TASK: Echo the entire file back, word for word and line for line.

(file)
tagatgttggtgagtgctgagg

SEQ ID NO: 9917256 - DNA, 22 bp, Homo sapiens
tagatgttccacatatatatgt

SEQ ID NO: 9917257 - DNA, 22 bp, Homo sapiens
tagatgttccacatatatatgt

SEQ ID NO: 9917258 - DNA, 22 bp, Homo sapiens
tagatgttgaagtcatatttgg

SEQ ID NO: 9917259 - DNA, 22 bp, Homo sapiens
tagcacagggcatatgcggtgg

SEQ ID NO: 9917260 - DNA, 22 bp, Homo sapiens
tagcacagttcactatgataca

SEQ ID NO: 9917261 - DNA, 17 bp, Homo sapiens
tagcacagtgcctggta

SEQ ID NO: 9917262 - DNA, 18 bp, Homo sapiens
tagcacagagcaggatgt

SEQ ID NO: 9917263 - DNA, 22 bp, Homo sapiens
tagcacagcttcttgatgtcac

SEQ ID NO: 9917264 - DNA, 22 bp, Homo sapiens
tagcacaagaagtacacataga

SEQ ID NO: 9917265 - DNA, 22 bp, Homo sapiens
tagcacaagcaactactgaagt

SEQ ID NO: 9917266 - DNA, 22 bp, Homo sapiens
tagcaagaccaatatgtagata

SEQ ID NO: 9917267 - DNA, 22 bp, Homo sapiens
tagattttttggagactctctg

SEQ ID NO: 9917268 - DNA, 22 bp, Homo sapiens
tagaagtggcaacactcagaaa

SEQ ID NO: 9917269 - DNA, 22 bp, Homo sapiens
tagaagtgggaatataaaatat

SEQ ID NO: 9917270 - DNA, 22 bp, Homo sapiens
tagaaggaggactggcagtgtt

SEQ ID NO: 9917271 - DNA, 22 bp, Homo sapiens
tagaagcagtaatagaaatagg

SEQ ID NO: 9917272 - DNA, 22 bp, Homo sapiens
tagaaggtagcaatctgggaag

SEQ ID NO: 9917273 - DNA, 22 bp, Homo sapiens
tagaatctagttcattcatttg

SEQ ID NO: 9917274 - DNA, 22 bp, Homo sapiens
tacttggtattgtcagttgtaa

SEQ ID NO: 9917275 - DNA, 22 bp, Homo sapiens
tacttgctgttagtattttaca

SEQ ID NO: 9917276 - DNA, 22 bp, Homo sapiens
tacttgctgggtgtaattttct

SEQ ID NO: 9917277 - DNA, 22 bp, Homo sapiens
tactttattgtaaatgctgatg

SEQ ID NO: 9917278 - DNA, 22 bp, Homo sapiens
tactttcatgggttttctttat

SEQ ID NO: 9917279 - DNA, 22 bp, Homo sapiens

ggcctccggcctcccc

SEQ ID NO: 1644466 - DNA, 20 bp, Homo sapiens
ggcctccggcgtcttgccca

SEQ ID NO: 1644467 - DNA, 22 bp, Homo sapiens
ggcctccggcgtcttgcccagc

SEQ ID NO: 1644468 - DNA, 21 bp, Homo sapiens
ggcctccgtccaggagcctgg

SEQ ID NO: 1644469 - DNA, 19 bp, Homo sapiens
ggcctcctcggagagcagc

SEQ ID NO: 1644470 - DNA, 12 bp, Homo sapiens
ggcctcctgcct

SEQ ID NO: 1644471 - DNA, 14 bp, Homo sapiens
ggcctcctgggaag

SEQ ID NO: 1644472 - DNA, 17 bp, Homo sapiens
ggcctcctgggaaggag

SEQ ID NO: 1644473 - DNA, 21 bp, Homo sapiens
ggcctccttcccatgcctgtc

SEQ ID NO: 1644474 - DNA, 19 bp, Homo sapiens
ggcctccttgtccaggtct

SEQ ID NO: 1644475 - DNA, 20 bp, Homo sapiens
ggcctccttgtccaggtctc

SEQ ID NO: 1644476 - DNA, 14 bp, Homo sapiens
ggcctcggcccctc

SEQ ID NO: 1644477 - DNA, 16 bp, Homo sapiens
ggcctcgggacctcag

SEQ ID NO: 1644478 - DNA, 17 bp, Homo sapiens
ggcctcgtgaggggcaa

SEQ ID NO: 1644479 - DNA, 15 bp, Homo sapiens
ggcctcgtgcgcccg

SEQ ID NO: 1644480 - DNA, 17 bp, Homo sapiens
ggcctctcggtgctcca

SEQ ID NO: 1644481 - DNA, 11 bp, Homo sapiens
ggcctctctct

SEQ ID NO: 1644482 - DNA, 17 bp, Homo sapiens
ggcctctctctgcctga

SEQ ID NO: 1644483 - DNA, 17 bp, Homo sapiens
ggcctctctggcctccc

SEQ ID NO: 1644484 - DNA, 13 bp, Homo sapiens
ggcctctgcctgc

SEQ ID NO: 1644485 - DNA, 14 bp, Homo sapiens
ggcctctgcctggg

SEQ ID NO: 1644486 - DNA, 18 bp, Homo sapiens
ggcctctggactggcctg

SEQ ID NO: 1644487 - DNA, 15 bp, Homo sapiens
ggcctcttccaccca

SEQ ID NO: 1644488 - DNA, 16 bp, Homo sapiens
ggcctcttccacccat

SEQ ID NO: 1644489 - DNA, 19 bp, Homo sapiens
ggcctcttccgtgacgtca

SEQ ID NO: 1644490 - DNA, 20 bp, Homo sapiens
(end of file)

tagatgttggtgagtgctgagg

SEQ ID NO: 9917256 - DNA, 22 bp, Homo sapiens
tagatgttccacatatatatgt

SEQ ID NO: 9917257 - DNA, 22 bp, Homo sapiens
tagatgttccacatatatatgt

SEQ ID NO: 9917258 - DNA, 22 bp, Homo sapiens
tagatgttgaagtcatatttgg

SEQ ID NO: 9917259 - DNA, 22 bp, Homo sapiens
tagcacagggcatatgcggtgg

SEQ ID NO: 9917260 - DNA, 22 bp, Homo sapiens
tagcacagttcactatgataca

SEQ ID NO: 9917261 - DNA, 17 bp, Homo sapiens
tagcacagtgcctggta

SEQ ID NO: 9917262 - DNA, 18 bp, Homo sapiens
tagcacagagcaggatgt

SEQ ID NO: 9917263 - DNA, 22 bp, Homo sapiens
tagcacagcttcttgatgtcac

SEQ ID NO: 9917264 - DNA, 22 bp, Homo sapiens
tagcacaagaagtacacataga

SEQ ID NO: 9917265 - DNA, 22 bp, Homo sapiens
tagcacaagcaactactgaagt

SEQ ID NO: 9917266 - DNA, 22 bp, Homo sapiens
tagcaagaccaatatgtagata

SEQ ID NO: 9917267 - DNA, 22 bp, Homo sapiens
tagattttttggagactctctg

SEQ ID NO: 9917268 - DNA, 22 bp, Homo sapiens
tagaagtggcaacactcagaaa

SEQ ID NO: 9917269 - DNA, 22 bp, Homo sapiens
tagaagtgggaatataaaatat

SEQ ID NO: 9917270 - DNA, 22 bp, Homo sapiens
tagaaggaggactggcagtgtt

SEQ ID NO: 9917271 - DNA, 22 bp, Homo sapiens
tagaagcagtaatagaaatagg

SEQ ID NO: 9917272 - DNA, 22 bp, Homo sapiens
tagaaggtagcaatctgggaag

SEQ ID NO: 9917273 - DNA, 22 bp, Homo sapiens
tagaatctagttcattcatttg

SEQ ID NO: 9917274 - DNA, 22 bp, Homo sapiens
tacttggtattgtcagttgtaa

SEQ ID NO: 9917275 - DNA, 22 bp, Homo sapiens
tacttgctgttagtattttaca

SEQ ID NO: 9917276 - DNA, 22 bp, Homo sapiens
tacttgctgggtgtaattttct

SEQ ID NO: 9917277 - DNA, 22 bp, Homo sapiens
tactttattgtaaatgctgatg

SEQ ID NO: 9917278 - DNA, 22 bp, Homo sapiens
tactttcatgggttttctttat

SEQ ID NO: 9917279 - DNA, 22 bp, Homo sapiens

ggcctccggcctcccc

SEQ ID NO: 1644466 - DNA, 20 bp, Homo sapiens
ggcctccggcgtcttgccca

SEQ ID NO: 1644467 - DNA, 22 bp, Homo sapiens
ggcctccggcgtcttgcccagc

SEQ ID NO: 1644468 - DNA, 21 bp, Homo sapiens
ggcctccgtccaggagcctgg

SEQ ID NO: 1644469 - DNA, 19 bp, Homo sapiens
ggcctcctcggagagcagc

SEQ ID NO: 1644470 - DNA, 12 bp, Homo sapiens
ggcctcctgcct

SEQ ID NO: 1644471 - DNA, 14 bp, Homo sapiens
ggcctcctgggaag

SEQ ID NO: 1644472 - DNA, 17 bp, Homo sapiens
ggcctcctgggaaggag

SEQ ID NO: 1644473 - DNA, 21 bp, Homo sapiens
ggcctccttcccatgcctgtc

SEQ ID NO: 1644474 - DNA, 19 bp, Homo sapiens
ggcctccttgtccaggtct

SEQ ID NO: 1644475 - DNA, 20 bp, Homo sapiens
ggcctccttgtccaggtctc

SEQ ID NO: 1644476 - DNA, 14 bp, Homo sapiens
ggcctcggcccctc

SEQ ID NO: 1644477 - DNA, 16 bp, Homo sapiens
ggcctcgggacctcag

SEQ ID NO: 1644478 - DNA, 17 bp, Homo sapiens
ggcctcgtgaggggcaa

SEQ ID NO: 1644479 - DNA, 15 bp, Homo sapiens
ggcctcgtgcgcccg

SEQ ID NO: 1644480 - DNA, 17 bp, Homo sapiens
ggcctctcggtgctcca

SEQ ID NO: 1644481 - DNA, 11 bp, Homo sapiens
ggcctctctct

SEQ ID NO: 1644482 - DNA, 17 bp, Homo sapiens
ggcctctctctgcctga

SEQ ID NO: 1644483 - DNA, 17 bp, Homo sapiens
ggcctctctggcctccc

SEQ ID NO: 1644484 - DNA, 13 bp, Homo sapiens
ggcctctgcctgc

SEQ ID NO: 1644485 - DNA, 14 bp, Homo sapiens
ggcctctgcctggg

SEQ ID NO: 1644486 - DNA, 18 bp, Homo sapiens
ggcctctggactggcctg

SEQ ID NO: 1644487 - DNA, 15 bp, Homo sapiens
ggcctcttccaccca

SEQ ID NO: 1644488 - DNA, 16 bp, Homo sapiens
ggcctcttccacccat

SEQ ID NO: 1644489 - DNA, 19 bp, Homo sapiens
ggcctcttccgtgacgtca

SEQ ID NO: 1644490 - DNA, 20 bp, Homo sapiens